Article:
Let’s not panic

What if the public discourse surrounding supposed ‘censorship’ and ‘silencing’ in universities is the problem? What if the fear conservative students and citizens have of speaking up is due to ghost stories told about harsh repercussions that are exceedingly rare? The press, interested in the most controversial and contentious issues in academic work, regularly singles out and exaggerates exceptional events that folks then think of as pervasive and endemic. 

There are two dimensions of this bad faith representation, identification of which can aid us in moving past these cultural war issues:

1. Critique of hypocrisy: Harassment and bullying are absolutely unacceptable, but these issues lie within the jurisdiction of the legal system – these are free speech issues proper – that if, severe enough, should be handled by the police and courts. 

More commonly, however, complaints involve the absence of the much touted ‘tolerance’ academics and students profess about a range of groups and identities – such as different genders, ethnicities, or class backgrounds. This does not seem to apply to ‘Gender Critical’ theorists, white working-class boys, or Brexiteers, however. Whereas hypocrisy may be regrettable – and, indeed, many left-wing academics can be insufferable boors – it clearly does not warrant state intervention. 

We can also talk about the extent to which those most obsessed with free speech use the courts and libel law to shut down criticism. For that matter: is ‘no platforming’ not an act of free speech? Are open letters not free speech? Too often, these moral panics amount to a bad faith claim for ‘free speech for me, but not for thee’. 

2. Psuedo-silencing and the platforming of offence: The history of these culture war issues is long, and have roots pre-Cold War America. Ultimately, the valorisation of supposed ‘viewpoint diversity’ amounts to an uncontroversial liberal ideal: that more perspectives will get us closer to the truth. 

But, in an age of social media, what we see rising to the surface are more polarised and controversial views. Within this overheated environment, bad faith actors have figured out ways of getting attention by making mountains out of molehills. With an insatiable press at hand, professors claim that they are being oppressed and silenced before then stating the precisely the offensive views that others have, more often than not, politely and civilly asked them to think more about, and, yes, perhaps keep to themselves.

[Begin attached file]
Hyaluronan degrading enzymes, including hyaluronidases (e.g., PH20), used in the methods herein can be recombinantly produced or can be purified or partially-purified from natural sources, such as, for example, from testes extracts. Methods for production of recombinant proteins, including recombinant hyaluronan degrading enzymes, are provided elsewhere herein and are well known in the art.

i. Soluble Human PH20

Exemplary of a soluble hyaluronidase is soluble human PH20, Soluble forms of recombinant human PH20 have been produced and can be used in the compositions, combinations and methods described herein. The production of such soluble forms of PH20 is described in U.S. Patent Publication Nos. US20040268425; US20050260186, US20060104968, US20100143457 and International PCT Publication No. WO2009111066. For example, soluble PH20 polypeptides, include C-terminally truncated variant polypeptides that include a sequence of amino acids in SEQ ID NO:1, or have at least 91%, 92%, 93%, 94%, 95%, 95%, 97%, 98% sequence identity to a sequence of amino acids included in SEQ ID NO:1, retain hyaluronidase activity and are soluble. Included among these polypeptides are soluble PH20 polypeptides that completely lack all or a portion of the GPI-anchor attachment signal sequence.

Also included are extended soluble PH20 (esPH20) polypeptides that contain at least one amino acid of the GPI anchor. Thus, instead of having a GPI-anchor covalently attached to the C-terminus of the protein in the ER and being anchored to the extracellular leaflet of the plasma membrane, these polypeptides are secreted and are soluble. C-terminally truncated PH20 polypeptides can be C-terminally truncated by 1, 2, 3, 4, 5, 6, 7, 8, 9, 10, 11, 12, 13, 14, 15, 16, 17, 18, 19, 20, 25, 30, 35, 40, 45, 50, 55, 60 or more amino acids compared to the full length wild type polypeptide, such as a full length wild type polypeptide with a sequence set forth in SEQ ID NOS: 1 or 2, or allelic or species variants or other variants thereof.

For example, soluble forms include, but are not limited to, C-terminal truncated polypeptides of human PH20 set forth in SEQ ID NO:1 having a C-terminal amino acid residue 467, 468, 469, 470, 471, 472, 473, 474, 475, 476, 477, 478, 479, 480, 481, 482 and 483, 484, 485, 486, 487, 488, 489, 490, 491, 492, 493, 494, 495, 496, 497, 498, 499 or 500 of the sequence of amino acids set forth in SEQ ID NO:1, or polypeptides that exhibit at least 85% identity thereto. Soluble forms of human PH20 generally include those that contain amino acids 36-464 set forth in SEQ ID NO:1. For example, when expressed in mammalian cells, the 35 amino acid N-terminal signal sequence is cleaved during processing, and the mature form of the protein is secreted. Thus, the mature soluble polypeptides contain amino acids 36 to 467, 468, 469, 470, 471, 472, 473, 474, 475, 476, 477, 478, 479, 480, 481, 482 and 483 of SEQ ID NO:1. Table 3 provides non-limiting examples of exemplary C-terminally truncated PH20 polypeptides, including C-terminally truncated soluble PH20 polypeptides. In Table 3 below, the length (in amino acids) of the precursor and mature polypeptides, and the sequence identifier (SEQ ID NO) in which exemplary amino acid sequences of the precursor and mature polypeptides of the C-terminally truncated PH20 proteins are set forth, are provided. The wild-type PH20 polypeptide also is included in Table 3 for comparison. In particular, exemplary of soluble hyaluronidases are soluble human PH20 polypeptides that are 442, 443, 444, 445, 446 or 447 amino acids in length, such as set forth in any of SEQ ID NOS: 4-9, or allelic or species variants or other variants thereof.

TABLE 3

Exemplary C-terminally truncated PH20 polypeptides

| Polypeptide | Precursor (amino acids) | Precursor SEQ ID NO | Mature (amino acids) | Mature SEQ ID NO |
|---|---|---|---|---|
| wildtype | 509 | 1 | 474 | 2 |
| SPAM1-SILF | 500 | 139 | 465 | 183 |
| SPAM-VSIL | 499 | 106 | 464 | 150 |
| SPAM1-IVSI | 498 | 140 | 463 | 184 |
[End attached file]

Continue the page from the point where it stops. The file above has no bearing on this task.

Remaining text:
If one were genuinely concerned for the groups being discussed, even a controversial figure can be civilised in their discussions. They might also inform themselves of the actual views deemed beyond the pale, rather than relying on strawmen like ‘cultural marxism’, or even, ‘neoliberalism’ on the other side of the spectrum.

Getting our house in order

The first two issues of leftwing (or, indeed, any) bias alongside social ageing as graduates and demographics change are important matters for us to address, especially when the economic, political, cultural and social links across generations are increasingly strained. However, the second two panics are more often than not bad faith attempts to simulate a crisis where one does not exist. The aims are not truth, but rather the delegitimation of political rivals while simultaneously promoting out-dated and offensive views.

If we want to have a discussion about the limits and boundaries of free speech and academic freedom in the university: good! The affirmation and reconstruction of our principles and self-regulations around academic freedoms, rights and privileges is healthy. In fact, it is a constitutive element of the academic profession.  However, if we are going to do this, we must do so in good faith, all the while being wary of the increasing proliferation of grifters – conmen and quacks – who disingenuously and hypocritically cry foul while suing people they disagree with. Their endgame is ultimately the suppression, rather than the proliferation of freedom, diversity and critical thinking.